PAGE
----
3. Fry the raisins in the same ghee and remove with a slotted spoon.
  4. Fry the rava/semolina gently till golden brown and fragrant. There should be very noticable change in color and aroma when compared with the raw semolina. Set aside.
  5. Mix the sugar and water in a pan.
  6. Heat gently to a rolling boil and keep stirring.
  7. Check the sugar syrup for a 1-string consistency. This means that when you lift the spoon from the syrup and feel the syrup coating the back of the spoon, it should be very sticky. Blow on it a bit before you touch it - it will be hot!. Gently pinch and spread apart your forefinger and thumb. The sugar syrup should trail in a single strand between the two fingers. This is known as "one-string" sugar syrup.
  8. Slowly stir in the the semolina to avoid forming lumps.
  9. Stir in the cashews, raisins and cardamom powder.
  10. Remove from heat and let cool.
  11. When warm enough to handle, squeeze a handful of the mixture between your fingers and palm to form small balls.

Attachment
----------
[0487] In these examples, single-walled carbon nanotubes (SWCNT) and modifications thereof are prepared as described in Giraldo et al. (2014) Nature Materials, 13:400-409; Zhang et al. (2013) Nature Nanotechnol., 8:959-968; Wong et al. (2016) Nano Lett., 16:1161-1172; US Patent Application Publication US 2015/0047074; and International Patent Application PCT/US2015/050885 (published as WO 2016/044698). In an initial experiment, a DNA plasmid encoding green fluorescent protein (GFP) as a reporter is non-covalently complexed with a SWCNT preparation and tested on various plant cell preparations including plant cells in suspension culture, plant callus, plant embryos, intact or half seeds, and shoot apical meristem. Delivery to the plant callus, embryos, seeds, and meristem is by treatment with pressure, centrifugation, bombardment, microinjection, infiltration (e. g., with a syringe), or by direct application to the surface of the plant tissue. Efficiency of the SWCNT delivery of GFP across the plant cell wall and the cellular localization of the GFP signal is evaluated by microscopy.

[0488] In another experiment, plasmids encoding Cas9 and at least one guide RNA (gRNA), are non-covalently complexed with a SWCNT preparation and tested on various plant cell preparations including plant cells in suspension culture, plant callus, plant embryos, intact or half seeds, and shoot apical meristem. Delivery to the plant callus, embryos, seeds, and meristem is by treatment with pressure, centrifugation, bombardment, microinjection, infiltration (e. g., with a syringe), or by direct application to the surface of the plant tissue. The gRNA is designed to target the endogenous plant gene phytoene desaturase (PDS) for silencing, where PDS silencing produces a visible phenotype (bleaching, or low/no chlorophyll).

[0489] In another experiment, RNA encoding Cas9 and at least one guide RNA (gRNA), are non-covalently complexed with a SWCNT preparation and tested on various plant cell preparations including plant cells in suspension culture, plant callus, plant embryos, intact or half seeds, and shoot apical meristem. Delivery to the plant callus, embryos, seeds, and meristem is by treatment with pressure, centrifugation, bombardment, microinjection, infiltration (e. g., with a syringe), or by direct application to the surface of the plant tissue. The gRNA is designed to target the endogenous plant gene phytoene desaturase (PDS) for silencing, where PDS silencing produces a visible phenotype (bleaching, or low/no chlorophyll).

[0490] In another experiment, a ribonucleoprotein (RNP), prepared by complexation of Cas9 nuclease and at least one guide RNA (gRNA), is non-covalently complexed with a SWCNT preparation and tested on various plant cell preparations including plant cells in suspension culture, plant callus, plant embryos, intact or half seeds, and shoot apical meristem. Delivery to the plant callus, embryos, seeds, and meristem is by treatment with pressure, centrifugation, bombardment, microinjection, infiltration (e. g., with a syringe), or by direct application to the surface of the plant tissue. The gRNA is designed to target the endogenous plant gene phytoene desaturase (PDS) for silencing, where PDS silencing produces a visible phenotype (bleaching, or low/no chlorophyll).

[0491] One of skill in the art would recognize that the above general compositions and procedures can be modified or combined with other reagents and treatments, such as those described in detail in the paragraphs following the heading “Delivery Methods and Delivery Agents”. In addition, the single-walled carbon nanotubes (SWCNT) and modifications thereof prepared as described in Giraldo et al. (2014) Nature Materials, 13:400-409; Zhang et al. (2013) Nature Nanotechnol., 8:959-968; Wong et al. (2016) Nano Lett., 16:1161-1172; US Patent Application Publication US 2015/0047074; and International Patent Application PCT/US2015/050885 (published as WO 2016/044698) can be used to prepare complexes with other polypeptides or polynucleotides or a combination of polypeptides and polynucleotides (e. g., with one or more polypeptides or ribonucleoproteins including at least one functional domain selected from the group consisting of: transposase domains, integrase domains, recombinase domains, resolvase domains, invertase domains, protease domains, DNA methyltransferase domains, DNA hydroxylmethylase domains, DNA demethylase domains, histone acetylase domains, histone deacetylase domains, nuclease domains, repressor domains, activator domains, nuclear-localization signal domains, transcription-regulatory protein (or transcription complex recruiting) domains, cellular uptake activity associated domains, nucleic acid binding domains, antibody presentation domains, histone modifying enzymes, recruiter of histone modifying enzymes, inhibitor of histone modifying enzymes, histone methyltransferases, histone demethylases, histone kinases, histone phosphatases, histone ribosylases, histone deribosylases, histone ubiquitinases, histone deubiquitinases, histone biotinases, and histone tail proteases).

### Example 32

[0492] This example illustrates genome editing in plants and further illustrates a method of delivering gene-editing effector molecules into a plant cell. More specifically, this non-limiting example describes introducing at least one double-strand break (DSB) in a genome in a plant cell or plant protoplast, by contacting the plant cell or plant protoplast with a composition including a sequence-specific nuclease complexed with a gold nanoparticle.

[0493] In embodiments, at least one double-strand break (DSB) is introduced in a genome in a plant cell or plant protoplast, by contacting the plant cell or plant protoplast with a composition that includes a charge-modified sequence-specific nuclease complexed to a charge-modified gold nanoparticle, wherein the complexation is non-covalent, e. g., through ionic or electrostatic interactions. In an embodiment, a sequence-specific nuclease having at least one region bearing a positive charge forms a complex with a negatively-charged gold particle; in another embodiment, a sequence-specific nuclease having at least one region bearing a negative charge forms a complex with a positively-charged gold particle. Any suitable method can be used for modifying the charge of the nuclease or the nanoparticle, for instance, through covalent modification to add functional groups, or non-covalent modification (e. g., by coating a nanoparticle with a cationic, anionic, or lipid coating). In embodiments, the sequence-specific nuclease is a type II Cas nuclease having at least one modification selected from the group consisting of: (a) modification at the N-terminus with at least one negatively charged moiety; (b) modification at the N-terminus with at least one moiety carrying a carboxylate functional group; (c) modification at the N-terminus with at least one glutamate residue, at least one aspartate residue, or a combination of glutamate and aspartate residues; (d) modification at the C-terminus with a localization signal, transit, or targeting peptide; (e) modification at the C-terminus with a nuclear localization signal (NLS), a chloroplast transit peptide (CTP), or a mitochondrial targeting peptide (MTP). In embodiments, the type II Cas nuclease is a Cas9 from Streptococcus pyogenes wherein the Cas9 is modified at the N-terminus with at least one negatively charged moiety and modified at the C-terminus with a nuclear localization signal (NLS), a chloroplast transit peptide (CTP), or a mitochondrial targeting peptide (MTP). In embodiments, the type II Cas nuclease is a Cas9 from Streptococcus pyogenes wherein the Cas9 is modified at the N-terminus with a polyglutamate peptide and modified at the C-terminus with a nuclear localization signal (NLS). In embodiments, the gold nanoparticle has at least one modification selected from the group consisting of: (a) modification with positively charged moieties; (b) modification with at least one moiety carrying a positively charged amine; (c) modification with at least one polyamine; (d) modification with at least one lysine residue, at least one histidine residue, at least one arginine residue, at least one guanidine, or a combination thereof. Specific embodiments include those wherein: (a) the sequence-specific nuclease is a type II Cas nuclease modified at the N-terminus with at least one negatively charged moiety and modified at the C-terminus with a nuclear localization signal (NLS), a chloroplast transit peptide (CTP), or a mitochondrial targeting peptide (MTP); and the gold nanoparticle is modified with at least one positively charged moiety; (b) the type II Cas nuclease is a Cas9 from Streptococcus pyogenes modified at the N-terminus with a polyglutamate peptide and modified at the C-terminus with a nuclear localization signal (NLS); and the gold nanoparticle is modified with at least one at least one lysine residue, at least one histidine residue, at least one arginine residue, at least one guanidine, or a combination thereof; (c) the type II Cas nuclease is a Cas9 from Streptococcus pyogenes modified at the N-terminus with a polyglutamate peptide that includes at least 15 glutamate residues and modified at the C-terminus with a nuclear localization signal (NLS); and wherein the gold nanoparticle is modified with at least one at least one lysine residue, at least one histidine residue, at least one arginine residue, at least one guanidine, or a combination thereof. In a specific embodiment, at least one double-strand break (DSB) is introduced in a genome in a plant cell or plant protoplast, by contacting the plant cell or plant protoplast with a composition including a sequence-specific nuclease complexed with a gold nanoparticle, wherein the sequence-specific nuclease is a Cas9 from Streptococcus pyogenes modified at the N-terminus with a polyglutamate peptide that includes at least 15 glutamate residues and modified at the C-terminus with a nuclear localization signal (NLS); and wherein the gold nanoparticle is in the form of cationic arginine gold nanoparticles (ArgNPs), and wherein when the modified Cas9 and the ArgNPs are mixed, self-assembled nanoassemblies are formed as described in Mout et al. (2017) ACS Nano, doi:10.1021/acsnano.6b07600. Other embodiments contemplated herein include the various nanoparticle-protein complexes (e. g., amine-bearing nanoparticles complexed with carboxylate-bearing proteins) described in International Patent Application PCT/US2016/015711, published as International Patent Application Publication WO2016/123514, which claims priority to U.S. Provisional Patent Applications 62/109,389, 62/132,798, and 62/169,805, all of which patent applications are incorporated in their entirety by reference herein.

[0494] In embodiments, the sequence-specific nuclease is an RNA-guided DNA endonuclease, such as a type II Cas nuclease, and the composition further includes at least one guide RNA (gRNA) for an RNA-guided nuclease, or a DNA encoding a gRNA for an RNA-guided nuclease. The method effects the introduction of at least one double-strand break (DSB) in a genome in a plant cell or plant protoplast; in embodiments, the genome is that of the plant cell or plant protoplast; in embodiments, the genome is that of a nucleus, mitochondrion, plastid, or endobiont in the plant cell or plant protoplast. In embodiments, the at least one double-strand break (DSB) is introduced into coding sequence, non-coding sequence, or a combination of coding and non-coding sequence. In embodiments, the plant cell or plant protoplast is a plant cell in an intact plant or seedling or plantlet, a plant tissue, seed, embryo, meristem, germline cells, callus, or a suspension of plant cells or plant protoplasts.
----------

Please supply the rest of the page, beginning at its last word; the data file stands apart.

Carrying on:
Tips: My mixture became a bit powdery and I had to use a few drops of milk to form balls. This is A-OK!

I'm sending these over to lovely Vee of Past, Present and Me for her special edition JFI-Diwali Treats.

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Wednesday, October 18, 2006

Simple Sweet - Kaju Kathli, Cashew Diamonds

Kaju Kathli or Cashew Diamonds

There is something to be said about Simplicity. Simple as in "opposite of complex", simple as in "uncluttered", simple as in "minimal". Sometimes, the brain just cannot or does not want to process anything complex. It demands something simple, something uncomplicated, something pure, something free-from-fuss.

Every so often, I go into this phase where I crave to simplify and reduce the clutter in my life - clutter in the fridge, clutter in the cupboards, clutter in the closets, clutter in my mind. I go on this massive rampage to rid myself of anything that is unnecessary. I sort through things and pick out stuff that I can do without and give it away to someone who can make better use of it.

I strive to do something similar with the clutter in my mind as well. Rid myself of unnecessary thoughts, make lists, diligently go through stuff in the list, do errands on time, and struggle to make some sense out of the everyday race to get a million things done before bedtime.